Acting City Manager Steve Cox warned city employees Monday to steer clear of politics at work after the Colorado Springs Police Protective Association sent an email to a dozen employees stating that Steve Bach would cut their pay and benefits if elected mayor.
The warning was triggered by demands from Bach that Cox investigate the origin of the email and “immediately” send all city employees a follow-up email encouraging them to disregard the police association’s letter and to “vote based on their own research.”
When Bach made his request Sunday morning, he thought the email was being circulated internally by city employees, Laura Carno, Bach’s chief of staff, said Tuesday.
“The PPA piece wasn’t clarified until after Cox got back to Steve,” she said.
“If that had been something that was being distributed from city employees to city employees, it would have been appropriate for the city manager to say, ‘Stop sending this stuff around,’” she added.
Cox told Bach on Sunday he would look into it, but rejected Bach’s request to send an email to employees, saying he didn’t want to violate the Fair Campaign Practices Act. City employees are prohibited from using “office supplies or equipment, including computers, telephones, printers or fax machines to create materials urging electors to vote for or against a campaign issue or candidate.”
“I checked with legal and I would be in violation of the FCPA if I were to circulate the letter that you sent me,” Cox said in an email about 5:30 p.m. Sunday.
The police association letter identifies Bach as a “local developer” who would “drastically” cut employee pay and benefits to solve the city’s financial problems. The email included two attachments, including a November 2009 letter to Mayor Lionel Rivera and the City Council from Steve Bartolin, president and CEO of The Broadmoor hotel. In that letter, Bartolin said city employees’ benefit and pension plans are “not only Cadillac but more Ferrari” compared to the private sector.
Bartolin’s letter led to the creation of the City Committee, an advisory group that is recommending a review of city employees’ salaries and benefits, among other things.
“Mr. Bach’s candidacy is supported by the Broadmoor Hotel and Steve Bartolin and many private sector interests who stand to profit from his ‘outsourcing’ ideas,” according to the email sent by the Police Protective Association, which endorsed Bach’s opponent, Richard Skorman.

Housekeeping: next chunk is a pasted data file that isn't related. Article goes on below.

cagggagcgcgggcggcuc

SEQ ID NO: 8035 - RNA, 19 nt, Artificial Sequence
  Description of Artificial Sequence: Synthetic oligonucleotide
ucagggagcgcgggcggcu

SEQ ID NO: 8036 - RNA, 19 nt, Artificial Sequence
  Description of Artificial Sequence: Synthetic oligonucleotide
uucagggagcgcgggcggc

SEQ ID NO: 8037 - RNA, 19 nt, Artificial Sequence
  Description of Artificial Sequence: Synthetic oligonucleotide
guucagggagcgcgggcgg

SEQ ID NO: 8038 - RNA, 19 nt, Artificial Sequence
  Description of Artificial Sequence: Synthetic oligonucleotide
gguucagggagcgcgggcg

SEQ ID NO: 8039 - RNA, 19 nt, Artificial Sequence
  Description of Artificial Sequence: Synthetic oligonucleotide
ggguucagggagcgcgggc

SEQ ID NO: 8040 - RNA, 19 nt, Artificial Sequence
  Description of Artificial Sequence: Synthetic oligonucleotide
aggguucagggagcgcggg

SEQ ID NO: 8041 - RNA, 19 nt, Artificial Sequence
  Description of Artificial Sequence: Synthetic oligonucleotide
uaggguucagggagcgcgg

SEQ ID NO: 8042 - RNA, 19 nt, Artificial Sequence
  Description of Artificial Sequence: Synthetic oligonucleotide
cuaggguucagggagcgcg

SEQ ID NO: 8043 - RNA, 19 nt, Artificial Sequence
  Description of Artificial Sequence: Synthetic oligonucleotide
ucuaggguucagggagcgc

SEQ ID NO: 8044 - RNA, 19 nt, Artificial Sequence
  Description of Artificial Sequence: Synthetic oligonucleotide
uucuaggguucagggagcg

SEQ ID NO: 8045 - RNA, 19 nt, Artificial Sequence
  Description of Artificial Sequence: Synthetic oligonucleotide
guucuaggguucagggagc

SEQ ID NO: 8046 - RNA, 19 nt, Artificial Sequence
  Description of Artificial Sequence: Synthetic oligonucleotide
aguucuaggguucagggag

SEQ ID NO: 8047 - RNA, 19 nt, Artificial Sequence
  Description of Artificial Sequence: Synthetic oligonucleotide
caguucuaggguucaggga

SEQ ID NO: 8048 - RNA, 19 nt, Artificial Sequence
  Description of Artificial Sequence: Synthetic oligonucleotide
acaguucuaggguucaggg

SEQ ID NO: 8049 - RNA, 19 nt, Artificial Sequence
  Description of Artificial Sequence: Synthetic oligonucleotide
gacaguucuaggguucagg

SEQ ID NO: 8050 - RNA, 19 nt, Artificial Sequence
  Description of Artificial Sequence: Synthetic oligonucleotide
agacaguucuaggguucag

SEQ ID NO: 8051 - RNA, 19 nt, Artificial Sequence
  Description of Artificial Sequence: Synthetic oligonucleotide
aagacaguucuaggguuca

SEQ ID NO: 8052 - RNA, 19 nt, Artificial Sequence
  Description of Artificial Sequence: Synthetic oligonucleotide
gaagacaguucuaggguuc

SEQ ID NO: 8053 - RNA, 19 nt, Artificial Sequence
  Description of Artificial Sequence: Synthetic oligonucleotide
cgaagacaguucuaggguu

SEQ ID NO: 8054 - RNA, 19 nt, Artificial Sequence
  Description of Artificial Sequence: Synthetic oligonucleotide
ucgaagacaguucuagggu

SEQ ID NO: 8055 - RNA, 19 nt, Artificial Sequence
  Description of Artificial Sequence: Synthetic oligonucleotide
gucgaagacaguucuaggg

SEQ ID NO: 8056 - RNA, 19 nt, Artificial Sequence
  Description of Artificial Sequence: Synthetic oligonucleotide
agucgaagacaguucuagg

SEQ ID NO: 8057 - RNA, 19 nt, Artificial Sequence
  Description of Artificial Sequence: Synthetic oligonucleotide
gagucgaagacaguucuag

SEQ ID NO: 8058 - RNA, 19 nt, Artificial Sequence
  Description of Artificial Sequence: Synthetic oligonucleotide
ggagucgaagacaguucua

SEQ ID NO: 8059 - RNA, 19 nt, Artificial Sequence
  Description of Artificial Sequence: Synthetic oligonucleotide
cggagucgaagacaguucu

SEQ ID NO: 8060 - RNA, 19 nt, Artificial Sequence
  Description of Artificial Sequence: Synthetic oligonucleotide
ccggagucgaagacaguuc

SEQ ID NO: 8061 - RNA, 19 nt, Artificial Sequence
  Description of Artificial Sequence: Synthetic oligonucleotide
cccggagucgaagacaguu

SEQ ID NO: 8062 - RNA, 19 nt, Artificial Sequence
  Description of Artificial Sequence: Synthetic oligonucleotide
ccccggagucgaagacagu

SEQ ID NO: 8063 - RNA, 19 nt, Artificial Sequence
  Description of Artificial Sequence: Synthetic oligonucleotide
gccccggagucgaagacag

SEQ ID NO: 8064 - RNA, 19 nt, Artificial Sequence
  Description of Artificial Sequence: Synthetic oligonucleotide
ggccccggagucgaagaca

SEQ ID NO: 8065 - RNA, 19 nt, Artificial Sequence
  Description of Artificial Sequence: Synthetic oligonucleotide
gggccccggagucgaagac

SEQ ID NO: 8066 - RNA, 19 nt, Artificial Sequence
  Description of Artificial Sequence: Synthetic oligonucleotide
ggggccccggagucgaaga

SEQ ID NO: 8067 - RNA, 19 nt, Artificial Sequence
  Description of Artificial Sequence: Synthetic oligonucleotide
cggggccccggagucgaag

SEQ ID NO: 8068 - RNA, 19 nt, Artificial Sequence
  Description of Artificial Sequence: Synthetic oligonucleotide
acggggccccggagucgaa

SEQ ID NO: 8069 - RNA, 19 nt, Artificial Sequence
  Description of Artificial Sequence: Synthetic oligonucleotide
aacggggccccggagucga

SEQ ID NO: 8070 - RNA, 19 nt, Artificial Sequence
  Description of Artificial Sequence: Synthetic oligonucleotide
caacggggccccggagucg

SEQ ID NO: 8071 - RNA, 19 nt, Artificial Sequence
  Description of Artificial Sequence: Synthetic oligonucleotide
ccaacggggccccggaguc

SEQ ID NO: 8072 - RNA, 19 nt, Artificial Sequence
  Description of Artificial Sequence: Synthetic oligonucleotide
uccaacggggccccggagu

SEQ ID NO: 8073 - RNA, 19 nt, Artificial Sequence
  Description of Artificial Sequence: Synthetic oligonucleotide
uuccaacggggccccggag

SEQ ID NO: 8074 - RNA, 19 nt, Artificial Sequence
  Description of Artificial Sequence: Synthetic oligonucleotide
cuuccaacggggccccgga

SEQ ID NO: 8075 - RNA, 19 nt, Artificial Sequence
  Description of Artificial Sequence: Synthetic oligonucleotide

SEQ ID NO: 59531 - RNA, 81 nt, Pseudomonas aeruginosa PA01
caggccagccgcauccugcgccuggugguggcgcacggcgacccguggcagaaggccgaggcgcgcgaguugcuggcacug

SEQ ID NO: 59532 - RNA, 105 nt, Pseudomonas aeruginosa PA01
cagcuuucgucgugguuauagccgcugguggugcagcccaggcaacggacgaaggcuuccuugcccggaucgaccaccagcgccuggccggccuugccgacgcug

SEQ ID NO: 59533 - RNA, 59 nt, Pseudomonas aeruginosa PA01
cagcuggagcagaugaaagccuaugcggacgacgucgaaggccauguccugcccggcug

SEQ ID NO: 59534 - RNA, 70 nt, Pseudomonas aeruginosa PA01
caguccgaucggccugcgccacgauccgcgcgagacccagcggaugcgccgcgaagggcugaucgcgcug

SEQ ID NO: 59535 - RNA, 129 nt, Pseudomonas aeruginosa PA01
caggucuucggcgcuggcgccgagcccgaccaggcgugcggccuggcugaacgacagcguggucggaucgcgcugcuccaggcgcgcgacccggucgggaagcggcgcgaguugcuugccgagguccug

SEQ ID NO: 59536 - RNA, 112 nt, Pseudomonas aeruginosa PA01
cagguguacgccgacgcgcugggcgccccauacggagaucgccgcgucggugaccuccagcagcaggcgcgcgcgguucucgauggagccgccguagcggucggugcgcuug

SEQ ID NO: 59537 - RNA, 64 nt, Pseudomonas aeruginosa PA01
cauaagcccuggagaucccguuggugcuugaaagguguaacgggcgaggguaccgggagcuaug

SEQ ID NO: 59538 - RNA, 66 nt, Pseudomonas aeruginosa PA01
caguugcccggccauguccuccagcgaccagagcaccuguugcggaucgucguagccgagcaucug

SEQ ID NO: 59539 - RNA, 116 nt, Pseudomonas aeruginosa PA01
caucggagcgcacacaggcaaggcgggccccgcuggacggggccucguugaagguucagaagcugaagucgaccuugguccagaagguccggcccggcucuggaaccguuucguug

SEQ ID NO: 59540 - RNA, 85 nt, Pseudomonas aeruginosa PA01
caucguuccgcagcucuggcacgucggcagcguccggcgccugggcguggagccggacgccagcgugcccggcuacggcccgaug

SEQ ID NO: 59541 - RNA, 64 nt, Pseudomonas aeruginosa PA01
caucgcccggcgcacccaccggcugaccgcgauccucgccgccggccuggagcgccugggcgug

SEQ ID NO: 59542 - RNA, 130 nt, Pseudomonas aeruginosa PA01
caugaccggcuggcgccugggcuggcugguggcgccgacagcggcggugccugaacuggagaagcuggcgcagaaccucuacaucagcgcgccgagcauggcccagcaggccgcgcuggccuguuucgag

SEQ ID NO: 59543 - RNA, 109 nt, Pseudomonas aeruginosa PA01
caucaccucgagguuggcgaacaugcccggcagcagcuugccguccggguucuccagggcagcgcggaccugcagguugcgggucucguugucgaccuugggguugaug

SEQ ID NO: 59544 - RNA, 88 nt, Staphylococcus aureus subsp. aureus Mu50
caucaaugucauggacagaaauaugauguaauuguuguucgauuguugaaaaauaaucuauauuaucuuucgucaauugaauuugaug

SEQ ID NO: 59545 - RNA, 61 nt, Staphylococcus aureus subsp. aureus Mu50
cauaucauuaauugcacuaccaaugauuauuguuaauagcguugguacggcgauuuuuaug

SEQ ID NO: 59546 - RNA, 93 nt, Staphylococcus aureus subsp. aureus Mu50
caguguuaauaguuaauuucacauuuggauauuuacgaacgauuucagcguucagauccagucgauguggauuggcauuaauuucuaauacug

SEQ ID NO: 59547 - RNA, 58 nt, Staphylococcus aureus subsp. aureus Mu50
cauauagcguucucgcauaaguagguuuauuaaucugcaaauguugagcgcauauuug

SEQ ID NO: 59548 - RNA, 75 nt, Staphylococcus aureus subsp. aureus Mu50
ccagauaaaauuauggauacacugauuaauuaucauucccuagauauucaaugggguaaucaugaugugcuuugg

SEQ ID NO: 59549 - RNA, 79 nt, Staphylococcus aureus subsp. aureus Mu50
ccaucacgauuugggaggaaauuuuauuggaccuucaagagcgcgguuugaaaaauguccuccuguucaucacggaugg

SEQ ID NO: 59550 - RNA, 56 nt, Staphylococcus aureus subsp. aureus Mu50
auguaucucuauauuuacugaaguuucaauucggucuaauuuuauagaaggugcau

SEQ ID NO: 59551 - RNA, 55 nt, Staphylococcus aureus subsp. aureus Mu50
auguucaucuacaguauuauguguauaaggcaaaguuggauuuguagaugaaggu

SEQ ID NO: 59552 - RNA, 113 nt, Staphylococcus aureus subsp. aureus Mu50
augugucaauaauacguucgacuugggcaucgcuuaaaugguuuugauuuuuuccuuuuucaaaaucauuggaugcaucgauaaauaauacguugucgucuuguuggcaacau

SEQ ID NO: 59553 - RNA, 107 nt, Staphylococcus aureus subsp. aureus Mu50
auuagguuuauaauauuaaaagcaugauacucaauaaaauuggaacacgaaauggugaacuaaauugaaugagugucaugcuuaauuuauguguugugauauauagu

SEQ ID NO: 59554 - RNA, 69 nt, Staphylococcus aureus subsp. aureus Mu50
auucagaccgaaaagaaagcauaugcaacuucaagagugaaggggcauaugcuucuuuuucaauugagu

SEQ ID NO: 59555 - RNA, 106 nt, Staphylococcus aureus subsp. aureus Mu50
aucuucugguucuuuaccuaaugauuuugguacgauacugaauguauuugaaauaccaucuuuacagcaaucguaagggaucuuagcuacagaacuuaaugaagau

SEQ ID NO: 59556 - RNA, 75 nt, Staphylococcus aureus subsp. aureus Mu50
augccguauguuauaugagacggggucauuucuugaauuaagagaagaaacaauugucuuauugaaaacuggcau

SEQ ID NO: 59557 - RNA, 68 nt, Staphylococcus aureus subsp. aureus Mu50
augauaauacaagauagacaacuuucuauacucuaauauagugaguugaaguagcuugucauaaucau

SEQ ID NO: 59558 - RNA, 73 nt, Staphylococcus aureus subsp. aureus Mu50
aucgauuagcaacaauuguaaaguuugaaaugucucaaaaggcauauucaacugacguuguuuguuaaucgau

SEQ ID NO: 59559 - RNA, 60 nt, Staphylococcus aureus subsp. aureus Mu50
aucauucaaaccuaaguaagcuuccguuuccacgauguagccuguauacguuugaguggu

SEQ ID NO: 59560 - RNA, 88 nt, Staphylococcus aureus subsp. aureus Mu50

Bach and Skorman are in a runoff election May 17 to be the city’s first strong mayor. Ballots in the mail election went out last week.
Robin Rogers, executive director of the association, said the group inadvertently sent the email to a dozen city employees at work, including Terri Velasquez, the city’s financial and administrative services director, and Jennifer Stroh, a risk management supervisor.
“I sent it out to who I have on my general email address list,” she said. “I probably have between 150 and 200 addresses on that list. That’s how those 12 are in there. It’s certainly not intentional. In fact, typically I ask people to use their personal email addresses but there are some who had written their city addresses.”
After being contacted by The Gazette, Rogers sent an email to everyone on her list informing them that city and work email addresses will be eliminated from the list.
“I apologize to our members if any emails we sent out offended anyone in the city who received them at work,” Rogers wrote in the email, which she also sent to The Gazette and Cox.
“Our efforts have always been in good faith to communicate with folks through their private addresses,” she wrote.
Rogers said the police association didn’t write the letter portraying Bach in a negative light, but the board decided to pass it along because it was “factual.”
Carno, Bach’s chief of staff, said the letter isn’t accurate.
“It’s just scare tactics,” she said. “We’ve seen these things before. Steve Bach has said none of those things that the letter says he’s going to do, so it’s just scare tactics from people who prefer another candidate.”